Mental Health: a universal human right

by Sushmita Gurung |

Every year, at this time, we take a moment to recognise World Mental Health day. The global campaign and initiative that was established by the World Federation of Mental Health, who this year, are celebrating their 75th Anniversary. The World Mental Health Day program was created to help promote mental health and create awareness about the issues associated with mental illness, something Makara happens to also keep front of mind.

This year, I’d like to shine a light on the groups that face greater barriers to good mental health than others. Inequalities in mental health can lead to certain groups facing disproportionately higher rates of mental health issues.

  • Children and adults in the lowest income bracket are 2 to 3 times more likely to develop mental health problems than in the highest income bracket1
  • Asylum seekers are 5 times more likely to have mental health needs than the general population2
  • 38% of people with severe symptoms of mental health problems also have long-term physical conditions3
  • Men and women from African-Caribbean communities in the UK have higher rates of post-traumatic stress disorder and suicide risk4
  • Those who identify as LGBTQ+ have a higher rate of common mental health problems and lower wellbeing than heterosexual people4

Although more and more of people are becoming aware of mental health, so many of us still aren’t getting the right support. I want to bring light to some fantastic mental health services around the UK that are helping to break down those barriers and give people in their community a safe space to talk and do something about their mental health:

  • Maan Somali Mental Health Sheffield provide culturally sensitive services for those experiencing mental health problems within the Somali community and other BME and refugee communities in Sheffield. They also run male-only and female-only support groups for carers, and their services are available for individuals aged between 16 and 65.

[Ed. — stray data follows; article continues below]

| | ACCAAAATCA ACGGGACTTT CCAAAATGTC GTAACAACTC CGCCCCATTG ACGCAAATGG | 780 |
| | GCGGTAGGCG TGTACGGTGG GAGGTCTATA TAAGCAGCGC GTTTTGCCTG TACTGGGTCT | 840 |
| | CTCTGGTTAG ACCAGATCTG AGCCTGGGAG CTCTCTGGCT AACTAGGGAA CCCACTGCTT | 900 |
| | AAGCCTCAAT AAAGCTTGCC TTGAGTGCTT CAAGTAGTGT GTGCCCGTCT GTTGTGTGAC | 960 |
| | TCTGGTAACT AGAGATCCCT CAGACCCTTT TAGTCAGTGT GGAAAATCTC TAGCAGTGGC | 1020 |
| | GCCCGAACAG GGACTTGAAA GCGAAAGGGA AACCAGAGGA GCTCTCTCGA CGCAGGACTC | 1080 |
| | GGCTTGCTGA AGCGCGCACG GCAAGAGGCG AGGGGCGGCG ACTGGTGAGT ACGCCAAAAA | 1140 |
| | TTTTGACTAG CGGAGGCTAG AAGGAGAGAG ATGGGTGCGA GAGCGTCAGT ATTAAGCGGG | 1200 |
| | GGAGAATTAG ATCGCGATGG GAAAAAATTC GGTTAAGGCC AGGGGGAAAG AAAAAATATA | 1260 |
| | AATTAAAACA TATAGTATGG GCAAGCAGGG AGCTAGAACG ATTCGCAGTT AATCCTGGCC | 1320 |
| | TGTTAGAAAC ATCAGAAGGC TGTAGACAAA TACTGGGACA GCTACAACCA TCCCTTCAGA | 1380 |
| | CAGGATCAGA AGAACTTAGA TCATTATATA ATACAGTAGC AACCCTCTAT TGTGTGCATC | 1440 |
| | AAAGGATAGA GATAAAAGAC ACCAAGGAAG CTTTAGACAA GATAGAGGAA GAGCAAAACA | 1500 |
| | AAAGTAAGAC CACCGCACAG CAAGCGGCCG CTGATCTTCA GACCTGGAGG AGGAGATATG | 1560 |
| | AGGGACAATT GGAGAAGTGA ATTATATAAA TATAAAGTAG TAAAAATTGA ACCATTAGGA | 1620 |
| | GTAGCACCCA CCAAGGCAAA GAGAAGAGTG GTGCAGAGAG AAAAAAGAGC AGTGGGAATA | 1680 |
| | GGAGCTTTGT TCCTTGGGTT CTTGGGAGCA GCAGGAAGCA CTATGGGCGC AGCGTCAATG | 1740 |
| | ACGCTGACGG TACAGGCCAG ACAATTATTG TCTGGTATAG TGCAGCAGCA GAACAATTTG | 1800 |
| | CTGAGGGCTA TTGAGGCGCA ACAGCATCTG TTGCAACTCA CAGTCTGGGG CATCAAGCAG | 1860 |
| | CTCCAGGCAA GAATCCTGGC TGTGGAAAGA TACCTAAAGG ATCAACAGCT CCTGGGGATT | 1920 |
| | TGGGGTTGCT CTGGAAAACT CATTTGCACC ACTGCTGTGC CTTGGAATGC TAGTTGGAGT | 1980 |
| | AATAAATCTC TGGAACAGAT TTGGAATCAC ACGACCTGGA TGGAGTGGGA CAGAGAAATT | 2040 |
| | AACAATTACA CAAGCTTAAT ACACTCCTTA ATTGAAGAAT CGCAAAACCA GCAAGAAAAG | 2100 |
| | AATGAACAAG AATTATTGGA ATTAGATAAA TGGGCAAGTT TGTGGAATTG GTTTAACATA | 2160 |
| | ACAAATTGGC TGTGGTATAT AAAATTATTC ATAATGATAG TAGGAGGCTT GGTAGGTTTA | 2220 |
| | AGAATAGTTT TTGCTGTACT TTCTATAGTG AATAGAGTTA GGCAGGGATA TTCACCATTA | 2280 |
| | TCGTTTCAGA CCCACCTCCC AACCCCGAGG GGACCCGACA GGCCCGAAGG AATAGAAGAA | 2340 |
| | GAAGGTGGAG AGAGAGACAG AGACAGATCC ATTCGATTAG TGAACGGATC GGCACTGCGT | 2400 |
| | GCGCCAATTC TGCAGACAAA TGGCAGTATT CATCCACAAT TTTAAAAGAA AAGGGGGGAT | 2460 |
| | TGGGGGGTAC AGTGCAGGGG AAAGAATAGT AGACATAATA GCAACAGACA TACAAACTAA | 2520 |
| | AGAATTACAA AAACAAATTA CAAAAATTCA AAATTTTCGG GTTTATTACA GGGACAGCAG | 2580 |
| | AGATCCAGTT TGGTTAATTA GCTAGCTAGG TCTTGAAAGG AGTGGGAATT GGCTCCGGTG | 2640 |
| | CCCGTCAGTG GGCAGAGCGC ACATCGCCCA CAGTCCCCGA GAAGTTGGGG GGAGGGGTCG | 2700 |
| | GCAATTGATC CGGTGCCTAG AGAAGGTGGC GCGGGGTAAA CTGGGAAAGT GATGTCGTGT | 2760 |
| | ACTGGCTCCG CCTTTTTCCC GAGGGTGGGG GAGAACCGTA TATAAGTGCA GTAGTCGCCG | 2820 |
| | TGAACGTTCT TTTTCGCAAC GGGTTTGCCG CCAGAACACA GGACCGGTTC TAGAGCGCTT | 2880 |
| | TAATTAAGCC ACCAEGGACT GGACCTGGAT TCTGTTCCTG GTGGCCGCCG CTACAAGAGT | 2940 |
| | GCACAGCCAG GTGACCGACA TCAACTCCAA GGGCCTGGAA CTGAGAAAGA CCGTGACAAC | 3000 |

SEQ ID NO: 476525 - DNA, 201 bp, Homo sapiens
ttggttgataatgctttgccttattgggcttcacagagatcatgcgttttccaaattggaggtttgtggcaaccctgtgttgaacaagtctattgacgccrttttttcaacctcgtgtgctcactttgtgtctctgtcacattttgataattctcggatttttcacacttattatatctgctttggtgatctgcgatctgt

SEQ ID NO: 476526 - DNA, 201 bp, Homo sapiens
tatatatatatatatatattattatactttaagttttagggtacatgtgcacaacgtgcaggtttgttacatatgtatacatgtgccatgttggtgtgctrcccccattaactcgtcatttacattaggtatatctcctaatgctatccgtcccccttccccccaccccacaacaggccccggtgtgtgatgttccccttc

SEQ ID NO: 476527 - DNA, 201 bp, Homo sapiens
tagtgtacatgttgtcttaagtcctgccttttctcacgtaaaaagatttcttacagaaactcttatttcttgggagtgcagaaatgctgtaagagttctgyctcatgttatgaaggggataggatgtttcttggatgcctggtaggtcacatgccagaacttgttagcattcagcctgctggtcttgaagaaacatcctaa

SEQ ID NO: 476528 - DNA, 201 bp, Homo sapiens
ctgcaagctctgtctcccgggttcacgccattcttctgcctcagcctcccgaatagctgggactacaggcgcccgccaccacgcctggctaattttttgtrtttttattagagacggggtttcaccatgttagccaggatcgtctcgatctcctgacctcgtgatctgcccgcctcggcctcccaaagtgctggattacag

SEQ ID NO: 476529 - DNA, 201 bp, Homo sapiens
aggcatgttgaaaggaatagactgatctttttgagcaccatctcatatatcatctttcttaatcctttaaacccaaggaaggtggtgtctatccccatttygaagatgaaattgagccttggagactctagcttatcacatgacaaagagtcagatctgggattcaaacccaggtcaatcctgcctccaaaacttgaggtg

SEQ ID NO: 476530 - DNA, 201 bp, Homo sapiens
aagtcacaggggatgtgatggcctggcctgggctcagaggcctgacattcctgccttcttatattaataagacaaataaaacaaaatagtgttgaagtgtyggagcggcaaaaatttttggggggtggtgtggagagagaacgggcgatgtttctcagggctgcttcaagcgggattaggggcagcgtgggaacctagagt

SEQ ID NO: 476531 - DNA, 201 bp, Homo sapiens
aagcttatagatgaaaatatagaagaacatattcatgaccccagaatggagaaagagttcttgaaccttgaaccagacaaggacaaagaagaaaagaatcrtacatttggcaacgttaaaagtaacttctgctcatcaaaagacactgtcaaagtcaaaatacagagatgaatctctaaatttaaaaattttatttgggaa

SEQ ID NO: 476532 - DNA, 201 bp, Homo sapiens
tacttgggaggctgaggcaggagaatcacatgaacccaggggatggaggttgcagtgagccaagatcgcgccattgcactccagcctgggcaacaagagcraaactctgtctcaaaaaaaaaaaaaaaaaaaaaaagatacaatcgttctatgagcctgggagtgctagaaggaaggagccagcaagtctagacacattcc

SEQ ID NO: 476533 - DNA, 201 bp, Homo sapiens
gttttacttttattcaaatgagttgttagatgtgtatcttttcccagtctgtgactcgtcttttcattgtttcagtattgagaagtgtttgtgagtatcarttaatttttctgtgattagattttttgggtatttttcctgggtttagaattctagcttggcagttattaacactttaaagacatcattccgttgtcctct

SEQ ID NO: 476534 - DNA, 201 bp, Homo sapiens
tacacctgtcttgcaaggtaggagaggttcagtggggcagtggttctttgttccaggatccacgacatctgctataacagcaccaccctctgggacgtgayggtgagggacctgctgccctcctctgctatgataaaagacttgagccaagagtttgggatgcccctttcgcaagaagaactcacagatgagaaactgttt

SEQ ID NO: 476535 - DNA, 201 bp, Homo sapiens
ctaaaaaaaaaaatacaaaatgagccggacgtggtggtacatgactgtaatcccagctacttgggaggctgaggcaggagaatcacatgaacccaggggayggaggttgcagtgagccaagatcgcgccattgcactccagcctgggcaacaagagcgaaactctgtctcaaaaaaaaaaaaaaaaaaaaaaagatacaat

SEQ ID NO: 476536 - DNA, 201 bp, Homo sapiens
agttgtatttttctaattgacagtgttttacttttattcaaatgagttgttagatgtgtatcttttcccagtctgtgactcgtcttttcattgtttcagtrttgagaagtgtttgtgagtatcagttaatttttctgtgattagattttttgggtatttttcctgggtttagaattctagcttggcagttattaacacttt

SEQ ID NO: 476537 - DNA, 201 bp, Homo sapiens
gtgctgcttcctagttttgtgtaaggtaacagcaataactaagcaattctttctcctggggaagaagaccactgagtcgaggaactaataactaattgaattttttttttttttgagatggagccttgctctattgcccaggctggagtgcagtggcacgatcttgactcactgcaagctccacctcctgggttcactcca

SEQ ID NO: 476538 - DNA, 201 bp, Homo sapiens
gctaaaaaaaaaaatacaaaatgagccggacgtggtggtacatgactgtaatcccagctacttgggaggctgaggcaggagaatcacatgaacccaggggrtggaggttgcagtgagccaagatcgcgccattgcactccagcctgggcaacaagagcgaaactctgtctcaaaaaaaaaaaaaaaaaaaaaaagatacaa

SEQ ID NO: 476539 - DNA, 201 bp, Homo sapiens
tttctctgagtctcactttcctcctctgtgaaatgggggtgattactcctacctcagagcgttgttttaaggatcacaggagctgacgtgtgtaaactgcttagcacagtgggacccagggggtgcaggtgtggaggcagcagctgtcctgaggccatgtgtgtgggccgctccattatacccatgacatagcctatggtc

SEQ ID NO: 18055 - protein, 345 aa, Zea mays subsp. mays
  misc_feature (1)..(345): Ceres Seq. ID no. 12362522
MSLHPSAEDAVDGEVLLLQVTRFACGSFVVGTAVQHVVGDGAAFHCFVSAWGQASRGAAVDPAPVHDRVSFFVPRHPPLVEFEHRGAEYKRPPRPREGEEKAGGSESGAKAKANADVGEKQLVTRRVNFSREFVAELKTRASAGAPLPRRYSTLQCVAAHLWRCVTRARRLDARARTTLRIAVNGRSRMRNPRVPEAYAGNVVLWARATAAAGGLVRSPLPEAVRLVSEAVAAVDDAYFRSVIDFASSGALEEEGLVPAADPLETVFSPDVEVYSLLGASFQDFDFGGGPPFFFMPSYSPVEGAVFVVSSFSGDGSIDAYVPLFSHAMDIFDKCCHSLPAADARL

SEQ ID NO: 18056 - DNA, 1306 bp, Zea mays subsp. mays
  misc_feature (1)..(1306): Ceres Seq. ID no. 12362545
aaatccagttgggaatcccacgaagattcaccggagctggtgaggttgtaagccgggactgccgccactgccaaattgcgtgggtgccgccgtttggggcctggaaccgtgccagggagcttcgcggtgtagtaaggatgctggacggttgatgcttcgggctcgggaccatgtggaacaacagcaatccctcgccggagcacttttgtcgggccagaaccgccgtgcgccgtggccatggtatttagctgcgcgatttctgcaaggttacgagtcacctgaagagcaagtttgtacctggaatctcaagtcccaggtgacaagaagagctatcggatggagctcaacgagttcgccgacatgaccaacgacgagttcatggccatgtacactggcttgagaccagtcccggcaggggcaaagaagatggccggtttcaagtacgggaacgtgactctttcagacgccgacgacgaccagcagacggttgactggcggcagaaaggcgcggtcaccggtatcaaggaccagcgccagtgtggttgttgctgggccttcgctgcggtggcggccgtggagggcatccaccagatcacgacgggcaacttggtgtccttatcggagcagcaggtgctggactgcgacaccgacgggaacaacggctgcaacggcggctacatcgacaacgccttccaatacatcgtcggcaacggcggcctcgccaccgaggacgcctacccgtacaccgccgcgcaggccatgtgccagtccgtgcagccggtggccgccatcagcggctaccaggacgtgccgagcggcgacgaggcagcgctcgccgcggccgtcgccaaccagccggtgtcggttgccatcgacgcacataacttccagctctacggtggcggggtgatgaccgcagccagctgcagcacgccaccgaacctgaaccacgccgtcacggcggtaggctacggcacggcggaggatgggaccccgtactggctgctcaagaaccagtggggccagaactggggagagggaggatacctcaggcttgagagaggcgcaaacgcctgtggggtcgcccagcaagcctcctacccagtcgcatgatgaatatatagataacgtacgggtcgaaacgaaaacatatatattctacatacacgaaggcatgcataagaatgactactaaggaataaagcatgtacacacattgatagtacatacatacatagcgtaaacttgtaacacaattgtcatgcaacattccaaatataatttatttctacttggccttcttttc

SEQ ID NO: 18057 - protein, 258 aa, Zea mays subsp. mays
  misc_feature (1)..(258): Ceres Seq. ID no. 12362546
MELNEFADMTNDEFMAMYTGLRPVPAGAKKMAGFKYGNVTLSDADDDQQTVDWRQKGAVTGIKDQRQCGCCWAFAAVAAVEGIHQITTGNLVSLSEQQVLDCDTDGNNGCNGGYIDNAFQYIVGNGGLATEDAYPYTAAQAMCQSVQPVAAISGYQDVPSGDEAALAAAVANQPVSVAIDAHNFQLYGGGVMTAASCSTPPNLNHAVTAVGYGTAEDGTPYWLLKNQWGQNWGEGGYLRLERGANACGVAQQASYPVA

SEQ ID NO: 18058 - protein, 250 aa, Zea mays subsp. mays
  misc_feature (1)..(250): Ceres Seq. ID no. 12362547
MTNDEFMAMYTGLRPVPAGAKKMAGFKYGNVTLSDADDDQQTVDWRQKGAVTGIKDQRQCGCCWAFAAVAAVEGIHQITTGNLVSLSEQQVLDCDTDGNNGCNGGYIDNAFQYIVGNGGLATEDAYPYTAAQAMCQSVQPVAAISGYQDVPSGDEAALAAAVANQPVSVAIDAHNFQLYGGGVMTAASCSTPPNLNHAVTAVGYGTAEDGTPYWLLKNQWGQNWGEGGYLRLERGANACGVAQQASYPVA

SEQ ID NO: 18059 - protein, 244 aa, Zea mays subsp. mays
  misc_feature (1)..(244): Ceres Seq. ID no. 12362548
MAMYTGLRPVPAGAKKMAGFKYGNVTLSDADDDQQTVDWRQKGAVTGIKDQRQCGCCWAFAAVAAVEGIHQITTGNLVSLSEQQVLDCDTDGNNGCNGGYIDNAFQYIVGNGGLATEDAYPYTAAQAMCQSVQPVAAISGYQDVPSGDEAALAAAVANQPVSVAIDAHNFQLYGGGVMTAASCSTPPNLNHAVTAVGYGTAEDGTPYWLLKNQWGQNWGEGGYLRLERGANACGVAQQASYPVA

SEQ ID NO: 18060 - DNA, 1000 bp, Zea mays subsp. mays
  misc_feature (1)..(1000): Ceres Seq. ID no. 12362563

• Passion4Fusion is an Edinburgh-based youth organisation, who have produced story-telling based resources to help young people learn about mental health in culturally familiar and appropriate ways.
  • Mothers for Mothers offers maternal mental health and wellbeing support to women, birthing people and their families. This Bristol-based organisation uses art psychotherapy as a key tool to express and make sense of feelings as well as art therapy groups for parents and infants together.
  • Sheffield Flourish offers support groups and activities for local people struggling with mental health. These include; a creative arts enterprise, theatre and drama enterprise, music jam sessions and their Brunsmeer Awareness football club, who compete regularly in the Flourish League. This is an example of how being active together can help both mental and physical health.
  • Mind Out is a Brighton and Hove-based mental health service run by and for LGBTQ+ people. One of the services include their 50+ wellbeing project, which focuses on reducing social isolation and developing intergenerational activities for older and younger people to meet, learn, and support one another.
  • Mind are a mental health charity that will prioritise change, support and connection of minds. They also provide a network of more than 130 local Minds across England and Wales, to offer support and care based on the needs of the communities they support.
  • Young Minds is a youth-led movement that offers strategic mental health programmes for all children and young people across the UK. Recently they launched their three-year strategy, ‘You Matter’, with a clear purpose to stop young people reaching crisis point with their mental health.

I am so grateful that at Makara Health, not only is employee wellbeing prioritised and highly supported, but that the range of wellbeing resources available are easily assessable to everyone. In a society where people are struggling to gain the right support, it’s incredible to be a part of a company that has created a safe, respectful, and fair environment. Let’s unite to destigmatize, support, and prioritise mental health wellbeing. Let’s break down barriers, share our stories, and promote a world where compassion and understanding prevail. Because your mental health matters, and so does everyone else’s.


  1. Marmot, M., Allen, J., Goldblatt, P., Boyce, T., McNeish, D., Grady, M., & Geddes, I. (2010). Fair society, healthy lives: Strategic review of health inequalities in England post 2010. Retrieved from fair-society-healthy-lives-the-marmot-review [Accessed 07/11/16].
  2. Eaton, V., Ward, C., Womack, J., & Taylor, A. (2011). Mental Health and Wellbeing in Leeds: An Assessment of Need in the Adult Population. NHS Leeds.
  3. Raj, D., Stansfeld, S., Weich, S., Stewart, R., McBride, O., Brugha, T., … & Papp, M. (2016). Chapter 13: Comorbidity in mental and physical illness. In S. McManus, P. Bebbington, R. Jenkins, & T. Brugha (Eds.), Mental health and wellbeing in England: Adult Psychiatric Morbidity Survey 2014. Leeds: NHS Digital.
  4. health, C. f. m., 2020. MENTAL HEALTH INEQUALITIES: FACTSHEET. [Online]
    Available at: [Accessed 18 10 2023].

Leave a Reply

Your email address will not be published. Required fields are marked *